Motorized pedicabs still chug out a living in Medan
By Junardi Harahap
MEDAN, North Sumatra (JP): Simply built and not much to look at, motorized pedicabs still fill an important role in the transportation needs of residents of Medan. Found on the main streets throughout the city, many of the vehicles do indeed date back more than 40 years. But their days may be numbered.
"These motorized pedicabs started operations in the 1950s. Thus, it could be said the model is behind the times," acknowledged driver Poniran, 42.
They are known for their loud roar audible from afar and billowing exhaust fumes. For all their deficiencies, they remain in demand because they are cheap. A driver charges Rp 1,500 for a short-distance ride covering about one kilometer, and two or three passengers can fit in the vehicle.
Poniran said that he was formerly a trader but became a driver because business was slack.
"Actually I don't like being a motorized pedicab driver, but economic pressures and household requirements have forced me to do the work," he said. "If there was alternative work, I would take that. It is stupid to be a motorized pedicab driver, but never mind if there is no other work."
Japarin, who hails from Padang in West Sumatra, agreed with his fellow driver.
"In fact, becoming a motorized pedicab driver is the most stupid work but what else can we do? There is no other job and we need money to buy food."
Most drivers rent the vehicles from the owners.
Daily rental is about Rp 7,000 and usually the vehicle must be returned to the owner at the end of the day. In some instances the vehicle is returned in a week's time. The rent is also paid on a weekly basis, said Hasan Basri, 52.
"I don't work on Sundays. I am happy with it," he said.
Daily earnings of motorized pedicab drivers depend on a number of factors, including a dose of luck.
"We earn between about Rp 25,000 and Rp 30,000 per day," Basri said.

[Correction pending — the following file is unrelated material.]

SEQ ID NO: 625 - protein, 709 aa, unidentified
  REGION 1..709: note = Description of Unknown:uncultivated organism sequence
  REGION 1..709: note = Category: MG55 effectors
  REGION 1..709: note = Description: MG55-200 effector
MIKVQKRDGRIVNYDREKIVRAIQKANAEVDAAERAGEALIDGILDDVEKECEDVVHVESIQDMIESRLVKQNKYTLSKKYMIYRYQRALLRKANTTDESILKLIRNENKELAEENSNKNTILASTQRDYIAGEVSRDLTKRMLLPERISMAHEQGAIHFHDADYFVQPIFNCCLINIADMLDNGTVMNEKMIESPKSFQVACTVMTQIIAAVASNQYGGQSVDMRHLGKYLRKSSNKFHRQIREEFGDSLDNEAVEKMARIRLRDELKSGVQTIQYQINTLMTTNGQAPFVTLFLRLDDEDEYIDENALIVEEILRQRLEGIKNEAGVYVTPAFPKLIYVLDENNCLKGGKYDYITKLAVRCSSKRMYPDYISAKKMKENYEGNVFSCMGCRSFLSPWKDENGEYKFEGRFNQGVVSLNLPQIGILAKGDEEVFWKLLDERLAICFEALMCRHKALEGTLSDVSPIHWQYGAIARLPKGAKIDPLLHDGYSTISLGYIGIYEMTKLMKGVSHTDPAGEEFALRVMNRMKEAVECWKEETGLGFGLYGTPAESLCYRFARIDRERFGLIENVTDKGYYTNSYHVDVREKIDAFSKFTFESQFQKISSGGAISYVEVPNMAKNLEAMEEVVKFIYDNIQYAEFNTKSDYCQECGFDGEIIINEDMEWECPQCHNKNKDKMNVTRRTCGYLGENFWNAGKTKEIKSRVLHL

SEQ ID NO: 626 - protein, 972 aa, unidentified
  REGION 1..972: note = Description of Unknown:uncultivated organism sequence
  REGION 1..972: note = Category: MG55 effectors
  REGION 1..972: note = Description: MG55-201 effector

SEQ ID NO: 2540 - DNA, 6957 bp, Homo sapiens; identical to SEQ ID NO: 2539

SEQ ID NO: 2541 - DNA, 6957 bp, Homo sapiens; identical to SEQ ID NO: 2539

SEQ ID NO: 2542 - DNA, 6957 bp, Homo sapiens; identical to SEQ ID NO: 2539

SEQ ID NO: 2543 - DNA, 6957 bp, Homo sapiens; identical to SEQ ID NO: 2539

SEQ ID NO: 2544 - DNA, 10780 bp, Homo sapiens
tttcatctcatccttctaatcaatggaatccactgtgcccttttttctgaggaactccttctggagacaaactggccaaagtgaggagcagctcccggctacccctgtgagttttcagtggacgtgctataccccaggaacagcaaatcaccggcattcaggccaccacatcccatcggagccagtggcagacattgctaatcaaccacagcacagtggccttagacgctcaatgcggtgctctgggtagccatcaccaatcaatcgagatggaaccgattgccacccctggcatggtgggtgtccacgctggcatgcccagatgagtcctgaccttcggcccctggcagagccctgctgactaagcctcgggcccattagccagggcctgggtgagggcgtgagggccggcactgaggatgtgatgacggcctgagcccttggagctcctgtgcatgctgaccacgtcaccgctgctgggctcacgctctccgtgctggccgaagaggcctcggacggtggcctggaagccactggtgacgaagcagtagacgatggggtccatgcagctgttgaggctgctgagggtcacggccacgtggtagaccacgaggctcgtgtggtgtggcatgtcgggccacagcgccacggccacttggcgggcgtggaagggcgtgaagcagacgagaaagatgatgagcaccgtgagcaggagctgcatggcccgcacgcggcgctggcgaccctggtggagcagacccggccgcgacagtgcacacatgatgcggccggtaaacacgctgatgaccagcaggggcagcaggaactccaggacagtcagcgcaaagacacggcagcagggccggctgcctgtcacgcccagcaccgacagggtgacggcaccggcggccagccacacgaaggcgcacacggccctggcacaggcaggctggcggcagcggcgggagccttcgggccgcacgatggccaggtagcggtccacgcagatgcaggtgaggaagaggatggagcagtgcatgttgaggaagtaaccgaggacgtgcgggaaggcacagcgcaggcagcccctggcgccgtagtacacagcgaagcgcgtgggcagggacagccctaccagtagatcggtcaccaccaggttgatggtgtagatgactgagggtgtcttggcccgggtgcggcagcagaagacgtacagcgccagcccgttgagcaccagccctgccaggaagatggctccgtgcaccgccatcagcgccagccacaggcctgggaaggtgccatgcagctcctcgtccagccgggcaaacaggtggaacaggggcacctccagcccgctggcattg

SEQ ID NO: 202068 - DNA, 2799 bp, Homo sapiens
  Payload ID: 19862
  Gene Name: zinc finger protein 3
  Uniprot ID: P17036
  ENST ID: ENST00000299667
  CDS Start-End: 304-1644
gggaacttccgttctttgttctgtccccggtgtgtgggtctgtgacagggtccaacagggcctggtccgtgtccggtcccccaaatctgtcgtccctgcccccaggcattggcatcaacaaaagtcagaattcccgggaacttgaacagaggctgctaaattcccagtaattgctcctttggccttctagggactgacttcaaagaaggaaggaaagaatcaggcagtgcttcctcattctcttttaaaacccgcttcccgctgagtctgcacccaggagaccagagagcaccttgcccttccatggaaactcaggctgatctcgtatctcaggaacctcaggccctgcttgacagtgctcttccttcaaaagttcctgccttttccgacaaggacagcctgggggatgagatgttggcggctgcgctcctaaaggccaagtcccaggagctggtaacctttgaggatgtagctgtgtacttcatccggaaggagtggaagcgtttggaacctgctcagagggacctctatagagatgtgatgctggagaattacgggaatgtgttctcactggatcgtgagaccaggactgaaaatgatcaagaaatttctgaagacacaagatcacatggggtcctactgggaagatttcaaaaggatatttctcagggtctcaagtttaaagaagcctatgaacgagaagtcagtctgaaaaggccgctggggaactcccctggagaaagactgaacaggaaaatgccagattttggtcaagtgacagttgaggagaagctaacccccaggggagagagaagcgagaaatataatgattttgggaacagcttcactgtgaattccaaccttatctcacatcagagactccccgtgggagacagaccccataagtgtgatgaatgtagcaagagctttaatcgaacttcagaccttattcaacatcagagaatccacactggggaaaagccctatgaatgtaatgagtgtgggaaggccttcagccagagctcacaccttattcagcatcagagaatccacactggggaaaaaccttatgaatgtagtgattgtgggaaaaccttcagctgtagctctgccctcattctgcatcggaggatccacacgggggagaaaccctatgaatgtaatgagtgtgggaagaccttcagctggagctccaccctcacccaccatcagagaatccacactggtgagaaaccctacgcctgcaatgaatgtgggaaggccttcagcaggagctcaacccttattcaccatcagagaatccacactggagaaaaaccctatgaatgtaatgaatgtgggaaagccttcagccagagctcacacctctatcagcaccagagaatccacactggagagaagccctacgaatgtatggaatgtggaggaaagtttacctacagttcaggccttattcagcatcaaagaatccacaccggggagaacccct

Amir Pohan, 60, said his daily income varied. He said he could take home as little as Rp 10,000 on a slow day but Rp 30,000 when business was brisk. Amir said his income was usually enough only to get by, but foreign tourists always provide a windfall.
For long distances, the average fare is Rp 1,000/km.
"Yes, it is enough for food," Amir said. "Anyway, I must see to it that it is enough."
His wife helps supplement the family's income by selling rice cakes and fried delicacies from their home. Clearly, a pedicab driver's income is not enough to make ends meet.
The vehicle is actually a motorbike modified by the owner as a pedicab in order to make money. Maintenance of motorized pedicabs is fairly simple and can be done by drivers themselves. Spare parts are secondhand; drivers take care of small repairs with major ones handled by the vehicle owners.
"Small repairs cost on average Rp 2,000. If the cost is higher it will be the vehicle owners' responsibility," said Poniran.
The fuel for motorized pedicabs is a mixture of gasoline and motor oil, which is available at shops specializing in providing fuel for the vehicles. It costs Rp 1,500 a liter.
Sitompul, who sells such oil, said that before 1990, he could sell 500 liters a day, earning Rp 750,000. Since early this year his turnover has declined to 150 liters a day, yielding only Rp 225,000.
"The drop in sales is caused by the plan to remove motorized pedicabs from Medan. Many drivers have changed to other jobs and many of the vehicles have been sent to other areas to be used there," he said.